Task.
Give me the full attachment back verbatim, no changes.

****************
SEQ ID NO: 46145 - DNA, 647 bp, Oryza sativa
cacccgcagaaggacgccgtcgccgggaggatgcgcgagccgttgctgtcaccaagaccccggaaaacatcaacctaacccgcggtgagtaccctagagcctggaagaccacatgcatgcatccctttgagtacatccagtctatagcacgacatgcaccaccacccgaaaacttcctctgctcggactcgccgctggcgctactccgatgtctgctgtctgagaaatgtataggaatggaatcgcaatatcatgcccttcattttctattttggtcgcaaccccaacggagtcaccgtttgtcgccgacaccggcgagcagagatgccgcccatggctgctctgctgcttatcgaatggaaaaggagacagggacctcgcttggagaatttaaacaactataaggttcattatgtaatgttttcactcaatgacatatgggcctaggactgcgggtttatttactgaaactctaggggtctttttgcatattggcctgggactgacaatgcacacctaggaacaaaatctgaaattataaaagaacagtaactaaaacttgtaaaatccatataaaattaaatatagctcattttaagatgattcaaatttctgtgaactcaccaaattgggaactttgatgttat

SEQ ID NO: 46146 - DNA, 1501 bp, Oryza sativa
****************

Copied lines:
SEQ ID NO: 46145 - DNA, 647 bp, Oryza sativa
cacccgcagaaggacgccgtcgccgggaggatgcgcgagccgttgctgtcaccaagaccccggaaaacatcaacctaacccgcggtgagtaccctagagcctggaagaccacatgcatgcatccctttgagtacatccagtctatagcacgacatgcaccaccacccgaaaacttcctctgctcggactcgccgctggcgctactccgatgtctgctgtctgagaaatgtataggaatggaatcgcaatatcatgcccttcattttctattttggtcgcaaccccaacggagtcaccgtttgtcgccgacaccggcgagcagagatgccgcccatggctgctctgctgcttatcgaatggaaaaggagacagggacctcgcttggagaatttaaacaactataaggttcattatgtaatgttttcactcaatgacatatgggcctaggactgcgggtttatttactgaaactctaggggtctttttgcatattggcctgggactgacaatgcacacctaggaacaaaatctgaaattataaaagaacagtaactaaaacttgtaaaatccatataaaattaaatatagctcattttaagatgattcaaatttctgtgaactcaccaaattgggaactttgatgttat

SEQ ID NO: 46146 - DNA, 1501 bp, Oryza sativa